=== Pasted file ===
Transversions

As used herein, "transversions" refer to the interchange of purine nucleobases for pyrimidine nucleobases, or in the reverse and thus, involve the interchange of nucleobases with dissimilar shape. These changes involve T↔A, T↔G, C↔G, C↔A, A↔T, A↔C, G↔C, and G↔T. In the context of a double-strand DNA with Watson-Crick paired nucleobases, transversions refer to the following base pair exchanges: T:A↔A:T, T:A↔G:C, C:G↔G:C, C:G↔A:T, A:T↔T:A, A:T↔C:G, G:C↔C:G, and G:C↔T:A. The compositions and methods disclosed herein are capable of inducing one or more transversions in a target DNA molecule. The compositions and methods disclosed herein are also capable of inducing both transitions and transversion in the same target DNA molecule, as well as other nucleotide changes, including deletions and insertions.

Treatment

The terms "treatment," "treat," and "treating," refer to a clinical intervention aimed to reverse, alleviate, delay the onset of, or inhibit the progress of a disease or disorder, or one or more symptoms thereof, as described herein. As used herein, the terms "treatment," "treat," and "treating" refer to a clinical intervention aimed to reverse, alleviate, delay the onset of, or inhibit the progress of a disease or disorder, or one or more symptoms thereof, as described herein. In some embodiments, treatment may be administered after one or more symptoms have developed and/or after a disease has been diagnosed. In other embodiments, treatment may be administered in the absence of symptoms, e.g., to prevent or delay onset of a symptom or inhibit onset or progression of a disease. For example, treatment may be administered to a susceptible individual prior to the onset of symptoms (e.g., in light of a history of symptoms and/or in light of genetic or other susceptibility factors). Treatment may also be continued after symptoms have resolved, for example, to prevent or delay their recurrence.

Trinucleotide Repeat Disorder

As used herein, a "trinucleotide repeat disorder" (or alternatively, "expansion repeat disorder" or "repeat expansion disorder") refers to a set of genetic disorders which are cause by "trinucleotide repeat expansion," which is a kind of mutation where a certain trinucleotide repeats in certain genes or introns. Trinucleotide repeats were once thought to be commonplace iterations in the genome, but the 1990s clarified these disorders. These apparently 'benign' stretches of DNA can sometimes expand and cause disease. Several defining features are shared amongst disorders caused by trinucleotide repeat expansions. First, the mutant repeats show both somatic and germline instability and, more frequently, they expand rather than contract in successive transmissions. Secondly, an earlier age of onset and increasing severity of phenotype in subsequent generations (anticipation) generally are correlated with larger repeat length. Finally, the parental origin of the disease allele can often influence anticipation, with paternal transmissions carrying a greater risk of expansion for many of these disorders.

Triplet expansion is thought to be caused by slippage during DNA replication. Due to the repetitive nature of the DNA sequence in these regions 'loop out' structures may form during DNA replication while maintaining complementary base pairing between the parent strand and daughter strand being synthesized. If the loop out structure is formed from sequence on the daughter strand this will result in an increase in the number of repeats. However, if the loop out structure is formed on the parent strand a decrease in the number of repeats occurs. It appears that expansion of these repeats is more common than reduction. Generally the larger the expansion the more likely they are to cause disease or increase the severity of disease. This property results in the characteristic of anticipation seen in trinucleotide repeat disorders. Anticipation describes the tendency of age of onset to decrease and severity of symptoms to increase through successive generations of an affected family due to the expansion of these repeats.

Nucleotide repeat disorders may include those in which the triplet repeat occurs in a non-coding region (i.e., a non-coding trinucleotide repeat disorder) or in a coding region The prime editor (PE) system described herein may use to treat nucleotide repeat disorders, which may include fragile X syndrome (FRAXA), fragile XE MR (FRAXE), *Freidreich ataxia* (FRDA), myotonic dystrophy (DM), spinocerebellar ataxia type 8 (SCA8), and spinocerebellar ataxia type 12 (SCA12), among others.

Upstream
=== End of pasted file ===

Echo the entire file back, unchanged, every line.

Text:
Transversions

As used herein, "transversions" refer to the interchange of purine nucleobases for pyrimidine nucleobases, or in the reverse and thus, involve the interchange of nucleobases with dissimilar shape. These changes involve T↔A, T↔G, C↔G, C↔A, A↔T, A↔C, G↔C, and G↔T. In the context of a double-strand DNA with Watson-Crick paired nucleobases, transversions refer to the following base pair exchanges: T:A↔A:T, T:A↔G:C, C:G↔G:C, C:G↔A:T, A:T↔T:A, A:T↔C:G, G:C↔C:G, and G:C↔T:A. The compositions and methods disclosed herein are capable of inducing one or more transversions in a target DNA molecule. The compositions and methods disclosed herein are also capable of inducing both transitions and transversion in the same target DNA molecule, as well as other nucleotide changes, including deletions and insertions.

Treatment

The terms "treatment," "treat," and "treating," refer to a clinical intervention aimed to reverse, alleviate, delay the onset of, or inhibit the progress of a disease or disorder, or one or more symptoms thereof, as described herein. As used herein, the terms "treatment," "treat," and "treating" refer to a clinical intervention aimed to reverse, alleviate, delay the onset of, or inhibit the progress of a disease or disorder, or one or more symptoms thereof, as described herein. In some embodiments, treatment may be administered after one or more symptoms have developed and/or after a disease has been diagnosed. In other embodiments, treatment may be administered in the absence of symptoms, e.g., to prevent or delay onset of a symptom or inhibit onset or progression of a disease. For example, treatment may be administered to a susceptible individual prior to the onset of symptoms (e.g., in light of a history of symptoms and/or in light of genetic or other susceptibility factors). Treatment may also be continued after symptoms have resolved, for example, to prevent or delay their recurrence.

Trinucleotide Repeat Disorder

As used herein, a "trinucleotide repeat disorder" (or alternatively, "expansion repeat disorder" or "repeat expansion disorder") refers to a set of genetic disorders which are cause by "trinucleotide repeat expansion," which is a kind of mutation where a certain trinucleotide repeats in certain genes or introns. Trinucleotide repeats were once thought to be commonplace iterations in the genome, but the 1990s clarified these disorders. These apparently 'benign' stretches of DNA can sometimes expand and cause disease. Several defining features are shared amongst disorders caused by trinucleotide repeat expansions. First, the mutant repeats show both somatic and germline instability and, more frequently, they expand rather than contract in successive transmissions. Secondly, an earlier age of onset and increasing severity of phenotype in subsequent generations (anticipation) generally are correlated with larger repeat length. Finally, the parental origin of the disease allele can often influence anticipation, with paternal transmissions carrying a greater risk of expansion for many of these disorders.

Triplet expansion is thought to be caused by slippage during DNA replication. Due to the repetitive nature of the DNA sequence in these regions 'loop out' structures may form during DNA replication while maintaining complementary base pairing between the parent strand and daughter strand being synthesized. If the loop out structure is formed from sequence on the daughter strand this will result in an increase in the number of repeats. However, if the loop out structure is formed on the parent strand a decrease in the number of repeats occurs. It appears that expansion of these repeats is more common than reduction. Generally the larger the expansion the more likely they are to cause disease or increase the severity of disease. This property results in the characteristic of anticipation seen in trinucleotide repeat disorders. Anticipation describes the tendency of age of onset to decrease and severity of symptoms to increase through successive generations of an affected family due to the expansion of these repeats.

Nucleotide repeat disorders may include those in which the triplet repeat occurs in a non-coding region (i.e., a non-coding trinucleotide repeat disorder) or in a coding region The prime editor (PE) system described herein may use to treat nucleotide repeat disorders, which may include fragile X syndrome (FRAXA), fragile XE MR (FRAXE), *Freidreich ataxia* (FRDA), myotonic dystrophy (DM), spinocerebellar ataxia type 8 (SCA8), and spinocerebellar ataxia type 12 (SCA12), among others.

Upstream